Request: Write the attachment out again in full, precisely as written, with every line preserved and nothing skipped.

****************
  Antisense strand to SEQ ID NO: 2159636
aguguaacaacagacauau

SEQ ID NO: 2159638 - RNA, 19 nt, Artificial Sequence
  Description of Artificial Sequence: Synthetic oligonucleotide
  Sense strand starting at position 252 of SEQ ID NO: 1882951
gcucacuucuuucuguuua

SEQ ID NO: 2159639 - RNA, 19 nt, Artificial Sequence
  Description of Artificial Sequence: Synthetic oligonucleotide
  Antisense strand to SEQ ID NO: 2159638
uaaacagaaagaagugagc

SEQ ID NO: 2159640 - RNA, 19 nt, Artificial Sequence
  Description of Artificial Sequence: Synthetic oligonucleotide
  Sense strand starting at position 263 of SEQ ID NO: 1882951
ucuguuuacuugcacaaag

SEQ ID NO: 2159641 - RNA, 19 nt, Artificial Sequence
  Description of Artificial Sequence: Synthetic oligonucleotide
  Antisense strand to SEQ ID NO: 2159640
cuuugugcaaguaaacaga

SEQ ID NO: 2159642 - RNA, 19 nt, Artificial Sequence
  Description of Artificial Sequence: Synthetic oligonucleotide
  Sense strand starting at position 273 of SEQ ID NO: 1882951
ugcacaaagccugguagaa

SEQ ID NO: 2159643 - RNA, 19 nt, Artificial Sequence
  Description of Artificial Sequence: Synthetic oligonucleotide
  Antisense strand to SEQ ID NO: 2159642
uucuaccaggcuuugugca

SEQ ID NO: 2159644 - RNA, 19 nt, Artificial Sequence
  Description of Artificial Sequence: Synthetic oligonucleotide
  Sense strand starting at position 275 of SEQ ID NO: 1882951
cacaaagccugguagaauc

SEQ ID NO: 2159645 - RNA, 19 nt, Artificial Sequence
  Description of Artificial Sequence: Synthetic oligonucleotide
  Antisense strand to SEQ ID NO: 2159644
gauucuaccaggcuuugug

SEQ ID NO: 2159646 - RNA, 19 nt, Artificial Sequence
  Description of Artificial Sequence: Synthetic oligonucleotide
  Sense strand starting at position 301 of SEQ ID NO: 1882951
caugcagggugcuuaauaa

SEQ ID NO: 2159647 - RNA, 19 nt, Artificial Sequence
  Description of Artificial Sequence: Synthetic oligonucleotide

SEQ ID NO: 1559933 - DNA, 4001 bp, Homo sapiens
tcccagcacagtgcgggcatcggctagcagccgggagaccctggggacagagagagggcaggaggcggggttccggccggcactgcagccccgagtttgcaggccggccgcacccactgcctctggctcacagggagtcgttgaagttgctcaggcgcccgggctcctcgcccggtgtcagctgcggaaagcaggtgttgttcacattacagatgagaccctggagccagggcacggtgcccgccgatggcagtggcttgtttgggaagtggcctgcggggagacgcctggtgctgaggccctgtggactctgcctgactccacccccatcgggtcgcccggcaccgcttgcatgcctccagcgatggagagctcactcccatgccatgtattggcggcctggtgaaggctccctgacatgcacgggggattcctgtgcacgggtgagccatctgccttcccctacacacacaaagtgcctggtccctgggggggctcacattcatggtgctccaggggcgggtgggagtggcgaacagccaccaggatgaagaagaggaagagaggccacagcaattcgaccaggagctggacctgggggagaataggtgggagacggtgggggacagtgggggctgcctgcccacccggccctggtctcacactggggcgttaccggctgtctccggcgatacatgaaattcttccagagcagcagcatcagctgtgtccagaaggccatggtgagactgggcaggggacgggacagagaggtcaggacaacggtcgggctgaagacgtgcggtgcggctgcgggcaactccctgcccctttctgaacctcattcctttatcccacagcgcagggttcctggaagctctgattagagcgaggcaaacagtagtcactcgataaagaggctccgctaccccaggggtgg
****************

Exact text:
  Antisense strand to SEQ ID NO: 2159636
aguguaacaacagacauau

SEQ ID NO: 2159638 - RNA, 19 nt, Artificial Sequence
  Description of Artificial Sequence: Synthetic oligonucleotide
  Sense strand starting at position 252 of SEQ ID NO: 1882951
gcucacuucuuucuguuua

SEQ ID NO: 2159639 - RNA, 19 nt, Artificial Sequence
  Description of Artificial Sequence: Synthetic oligonucleotide
  Antisense strand to SEQ ID NO: 2159638
uaaacagaaagaagugagc

SEQ ID NO: 2159640 - RNA, 19 nt, Artificial Sequence
  Description of Artificial Sequence: Synthetic oligonucleotide
  Sense strand starting at position 263 of SEQ ID NO: 1882951
ucuguuuacuugcacaaag

SEQ ID NO: 2159641 - RNA, 19 nt, Artificial Sequence
  Description of Artificial Sequence: Synthetic oligonucleotide
  Antisense strand to SEQ ID NO: 2159640
cuuugugcaaguaaacaga

SEQ ID NO: 2159642 - RNA, 19 nt, Artificial Sequence
  Description of Artificial Sequence: Synthetic oligonucleotide
  Sense strand starting at position 273 of SEQ ID NO: 1882951
ugcacaaagccugguagaa

SEQ ID NO: 2159643 - RNA, 19 nt, Artificial Sequence
  Description of Artificial Sequence: Synthetic oligonucleotide
  Antisense strand to SEQ ID NO: 2159642
uucuaccaggcuuugugca

SEQ ID NO: 2159644 - RNA, 19 nt, Artificial Sequence
  Description of Artificial Sequence: Synthetic oligonucleotide
  Sense strand starting at position 275 of SEQ ID NO: 1882951
cacaaagccugguagaauc

SEQ ID NO: 2159645 - RNA, 19 nt, Artificial Sequence
  Description of Artificial Sequence: Synthetic oligonucleotide
  Antisense strand to SEQ ID NO: 2159644
gauucuaccaggcuuugug

SEQ ID NO: 2159646 - RNA, 19 nt, Artificial Sequence
  Description of Artificial Sequence: Synthetic oligonucleotide
  Sense strand starting at position 301 of SEQ ID NO: 1882951
caugcagggugcuuaauaa

SEQ ID NO: 2159647 - RNA, 19 nt, Artificial Sequence
  Description of Artificial Sequence: Synthetic oligonucleotide

SEQ ID NO: 1559933 - DNA, 4001 bp, Homo sapiens
tcccagcacagtgcgggcatcggctagcagccgggagaccctggggacagagagagggcaggaggcggggttccggccggcactgcagccccgagtttgcaggccggccgcacccactgcctctggctcacagggagtcgttgaagttgctcaggcgcccgggctcctcgcccggtgtcagctgcggaaagcaggtgttgttcacattacagatgagaccctggagccagggcacggtgcccgccgatggcagtggcttgtttgggaagtggcctgcggggagacgcctggtgctgaggccctgtggactctgcctgactccacccccatcgggtcgcccggcaccgcttgcatgcctccagcgatggagagctcactcccatgccatgtattggcggcctggtgaaggctccctgacatgcacgggggattcctgtgcacgggtgagccatctgccttcccctacacacacaaagtgcctggtccctgggggggctcacattcatggtgctccaggggcgggtgggagtggcgaacagccaccaggatgaagaagaggaagagaggccacagcaattcgaccaggagctggacctgggggagaataggtgggagacggtgggggacagtgggggctgcctgcccacccggccctggtctcacactggggcgttaccggctgtctccggcgatacatgaaattcttccagagcagcagcatcagctgtgtccagaaggccatggtgagactgggcaggggacgggacagagaggtcaggacaacggtcgggctgaagacgtgcggtgcggctgcgggcaactccctgcccctttctgaacctcattcctttatcccacagcgcagggttcctggaagctctgattagagcgaggcaaacagtagtcactcgataaagaggctccgctaccccaggggtgg